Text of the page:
Sector slams ‘haphazard’ approach to budget lock-up
Friday, 29th March 2019 at 4:20 pm
Community groups say they will not be silenced by the federal government despite a move from Treasury to reduce the sector’s presence in this year’s budget lock-up.
Social sector organisations including Homelessness Australia, Every Australian Counts, Disability Advocacy Network Australia and the Australian Council For International Development have been denied access to the lock-up, even though they were invited in previous years.
Other groups such as Volunteering Australia and National Shelter were initially denied entry, but were given a last-minute reprieve after intense lobbying efforts.
Every Australian Counts director Kirsten Deane said her disability advocacy group have attended lock-up every year since 2011.
She said it was incredibly frustrating that some groups were able to lobby their way into the lock-up while others were denied.
“We’ve been trying really hard in the last couple of weeks to secure ourselves a spot but we’re still unsuccessful,” Deane told Pro Bono News.
“We are disappointed because we know that people are relying on us to go into the budget lock-up and do our analysis so we can explain what the budget measures mean for them.
“But it certainly won’t silence us.”
The decision will force groups like Every Australian Counts to wait until the budget is released on Tuesday night before they can look at it, rather than having the afternoon in lock-up to dissect the figures.
Deane said it was incredibly important that community and advocacy groups were actively included in the budget process and that denying equal representation was undemocratic.
Adrian Pisarski, the executive officer of National Shelter, told Pro Bono News he had already booked flights and accommodation for the budget months ago, assuming that his group would be included in the lock-up.
It was only when he contacted Treasury for confirmation that he realised his organisation had been left out of the lock-up for the first time in over a decade.
After a “robust exchange” of emails with the lock-up manager, Pisarski was yet to hear a response. But after a number of media reports on the situation, National Shelter was finally granted access.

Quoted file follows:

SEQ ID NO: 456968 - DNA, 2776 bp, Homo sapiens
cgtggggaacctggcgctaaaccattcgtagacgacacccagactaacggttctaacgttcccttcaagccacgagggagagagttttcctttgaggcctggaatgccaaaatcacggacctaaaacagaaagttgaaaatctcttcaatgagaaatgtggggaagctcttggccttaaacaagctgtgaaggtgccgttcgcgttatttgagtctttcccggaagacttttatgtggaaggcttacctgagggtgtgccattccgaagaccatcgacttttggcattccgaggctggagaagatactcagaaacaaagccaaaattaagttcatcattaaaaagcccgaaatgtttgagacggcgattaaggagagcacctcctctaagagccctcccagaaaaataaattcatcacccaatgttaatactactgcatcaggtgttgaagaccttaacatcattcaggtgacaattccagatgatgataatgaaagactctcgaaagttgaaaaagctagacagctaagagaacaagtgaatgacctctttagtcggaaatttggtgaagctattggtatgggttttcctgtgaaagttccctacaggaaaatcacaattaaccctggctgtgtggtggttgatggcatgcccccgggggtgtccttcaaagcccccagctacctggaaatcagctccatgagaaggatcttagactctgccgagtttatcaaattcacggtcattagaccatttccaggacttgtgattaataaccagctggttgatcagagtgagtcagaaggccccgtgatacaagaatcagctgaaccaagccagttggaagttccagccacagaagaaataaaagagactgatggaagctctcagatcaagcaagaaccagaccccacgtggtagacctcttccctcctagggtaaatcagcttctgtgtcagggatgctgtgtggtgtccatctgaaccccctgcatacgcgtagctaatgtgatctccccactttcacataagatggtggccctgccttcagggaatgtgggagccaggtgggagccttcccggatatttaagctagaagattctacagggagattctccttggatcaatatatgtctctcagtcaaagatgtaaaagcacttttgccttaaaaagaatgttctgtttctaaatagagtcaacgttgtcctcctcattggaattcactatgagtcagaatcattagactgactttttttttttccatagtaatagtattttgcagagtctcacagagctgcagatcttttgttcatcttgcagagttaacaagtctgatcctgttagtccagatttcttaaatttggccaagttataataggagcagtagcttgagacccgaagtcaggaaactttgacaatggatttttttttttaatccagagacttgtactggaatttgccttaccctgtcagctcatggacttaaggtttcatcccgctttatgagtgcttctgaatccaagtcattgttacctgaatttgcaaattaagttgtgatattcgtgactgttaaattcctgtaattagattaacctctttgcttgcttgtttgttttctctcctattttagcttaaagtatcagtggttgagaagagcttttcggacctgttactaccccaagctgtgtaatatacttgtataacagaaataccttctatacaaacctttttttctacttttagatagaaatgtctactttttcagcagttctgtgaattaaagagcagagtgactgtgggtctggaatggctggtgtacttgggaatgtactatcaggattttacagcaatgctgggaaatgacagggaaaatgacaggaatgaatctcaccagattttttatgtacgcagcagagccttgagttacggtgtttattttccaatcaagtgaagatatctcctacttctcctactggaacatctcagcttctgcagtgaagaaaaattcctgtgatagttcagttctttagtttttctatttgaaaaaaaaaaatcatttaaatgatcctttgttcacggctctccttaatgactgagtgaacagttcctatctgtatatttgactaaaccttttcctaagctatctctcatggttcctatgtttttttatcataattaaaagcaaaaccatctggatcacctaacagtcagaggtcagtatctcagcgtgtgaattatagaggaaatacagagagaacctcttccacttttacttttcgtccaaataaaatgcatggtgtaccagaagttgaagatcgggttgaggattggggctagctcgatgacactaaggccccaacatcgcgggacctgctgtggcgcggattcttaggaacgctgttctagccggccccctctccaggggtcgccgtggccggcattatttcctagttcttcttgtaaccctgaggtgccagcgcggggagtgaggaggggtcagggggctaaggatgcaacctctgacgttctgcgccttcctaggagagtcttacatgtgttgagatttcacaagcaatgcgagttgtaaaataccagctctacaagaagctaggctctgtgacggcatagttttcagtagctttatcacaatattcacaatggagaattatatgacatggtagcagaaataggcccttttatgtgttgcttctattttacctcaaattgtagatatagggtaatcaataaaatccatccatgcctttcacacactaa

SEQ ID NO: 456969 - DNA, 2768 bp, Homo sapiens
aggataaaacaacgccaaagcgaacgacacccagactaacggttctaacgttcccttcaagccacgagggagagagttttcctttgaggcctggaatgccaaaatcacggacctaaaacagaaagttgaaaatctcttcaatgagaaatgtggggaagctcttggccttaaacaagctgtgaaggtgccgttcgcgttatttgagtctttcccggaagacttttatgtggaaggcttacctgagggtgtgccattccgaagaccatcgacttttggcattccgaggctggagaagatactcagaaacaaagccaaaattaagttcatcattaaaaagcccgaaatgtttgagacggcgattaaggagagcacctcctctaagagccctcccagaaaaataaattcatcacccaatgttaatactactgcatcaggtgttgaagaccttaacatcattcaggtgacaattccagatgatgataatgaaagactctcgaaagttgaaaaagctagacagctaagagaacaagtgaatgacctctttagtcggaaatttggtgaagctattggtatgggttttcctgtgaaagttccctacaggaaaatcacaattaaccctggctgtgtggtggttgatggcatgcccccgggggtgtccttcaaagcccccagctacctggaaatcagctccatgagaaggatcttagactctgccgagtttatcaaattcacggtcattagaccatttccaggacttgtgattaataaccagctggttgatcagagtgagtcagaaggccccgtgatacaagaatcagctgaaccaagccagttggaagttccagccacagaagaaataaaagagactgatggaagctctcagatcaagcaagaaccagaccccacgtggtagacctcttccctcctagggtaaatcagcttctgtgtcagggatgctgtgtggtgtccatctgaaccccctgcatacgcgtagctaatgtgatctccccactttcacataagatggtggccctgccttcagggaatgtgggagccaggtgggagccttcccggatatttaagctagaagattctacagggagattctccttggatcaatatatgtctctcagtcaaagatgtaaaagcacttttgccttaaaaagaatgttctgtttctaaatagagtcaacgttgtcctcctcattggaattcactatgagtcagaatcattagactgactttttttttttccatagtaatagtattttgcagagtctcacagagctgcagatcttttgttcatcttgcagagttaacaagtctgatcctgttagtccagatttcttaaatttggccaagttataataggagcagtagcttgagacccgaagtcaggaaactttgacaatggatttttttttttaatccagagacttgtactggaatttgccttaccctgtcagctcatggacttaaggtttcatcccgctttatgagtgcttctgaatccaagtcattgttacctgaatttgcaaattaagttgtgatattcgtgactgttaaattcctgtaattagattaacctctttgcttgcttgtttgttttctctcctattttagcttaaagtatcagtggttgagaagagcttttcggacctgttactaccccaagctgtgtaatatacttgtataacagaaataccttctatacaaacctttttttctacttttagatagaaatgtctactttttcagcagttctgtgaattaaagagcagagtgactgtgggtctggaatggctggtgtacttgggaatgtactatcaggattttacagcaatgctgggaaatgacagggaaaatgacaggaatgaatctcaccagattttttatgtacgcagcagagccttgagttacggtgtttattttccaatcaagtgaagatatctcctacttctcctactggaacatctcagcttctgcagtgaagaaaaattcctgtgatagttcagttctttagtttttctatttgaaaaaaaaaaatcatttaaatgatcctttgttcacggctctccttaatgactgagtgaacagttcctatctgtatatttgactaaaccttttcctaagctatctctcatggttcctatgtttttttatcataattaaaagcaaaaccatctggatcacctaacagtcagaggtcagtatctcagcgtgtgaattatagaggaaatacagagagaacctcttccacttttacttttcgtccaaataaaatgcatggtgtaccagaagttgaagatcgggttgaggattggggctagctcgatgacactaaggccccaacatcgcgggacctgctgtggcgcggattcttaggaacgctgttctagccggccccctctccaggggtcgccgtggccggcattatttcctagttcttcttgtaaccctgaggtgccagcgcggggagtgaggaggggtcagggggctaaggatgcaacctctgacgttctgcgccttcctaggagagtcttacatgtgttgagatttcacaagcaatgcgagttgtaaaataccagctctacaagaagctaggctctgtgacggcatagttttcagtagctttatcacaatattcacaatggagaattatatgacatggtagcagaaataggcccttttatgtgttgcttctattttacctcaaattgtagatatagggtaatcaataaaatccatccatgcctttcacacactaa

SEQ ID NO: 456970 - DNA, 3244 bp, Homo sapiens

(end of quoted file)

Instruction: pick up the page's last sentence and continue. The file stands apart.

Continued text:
Pisarski is still not exactly sure what led to Treasury’s backflip, but is pleased he will be able to attend.
“It’s an important event,” he said.
“It’s one of those things that we schedule our year around and even if there aren’t particular announcements we’re looking for, the overall shape of the budget affects people on low incomes and their housing choices.
“So we were surprised to originally be excluded from it.”
Pisarski said he was concerned by the lack of notice given to organisations about the sector’s reduced presence in the lock-up.
He also said he would be keeping an eye out on budget day to gauge the lock-up attendance of other sectors.
“We will see if the same restrictions are being applied evenly across the board or if it’s something they are applying only to the community sector. Because if it’s the latter it would be a very worrying trend,” he said.
ACFID CEO Marc Purcell told Pro Bono News he was extremely unimpressed with the way lock-up has been handled this year. He said Treasury’s “haphazard approach” to budget briefing was concerning.
“Excluding key representative bodies from critical democratic processes presents yet another example of declining transparency,” Purcell said.
But the government denies it is trying to shut out the sector from the budget.
A Treasury spokesperson told Pro Bono News the intention of lock-up was to provide embargoed access to the budget papers for stakeholders with “a clear and immediate need”.
“Each year, the numbers for the lock up are limited, and are balanced against venue size, cost and security,” they said.
“As with all years, the number of people wishing to attend far exceeds capacity and not everyone with an interest in attending the lock-up is able to attend.”
The spokesperson said Treasury greatly valued the contribution of community groups to the budget process.
“Representatives of the sector make up the largest proportion of attendees, and include organisations like Refugee Council, ACOSS, Brotherhood of St Laurence, National Shelter, National Foundation for Australian Women, People with Disability Australia, and the National Congress of Australia’s First Peoples,” they said.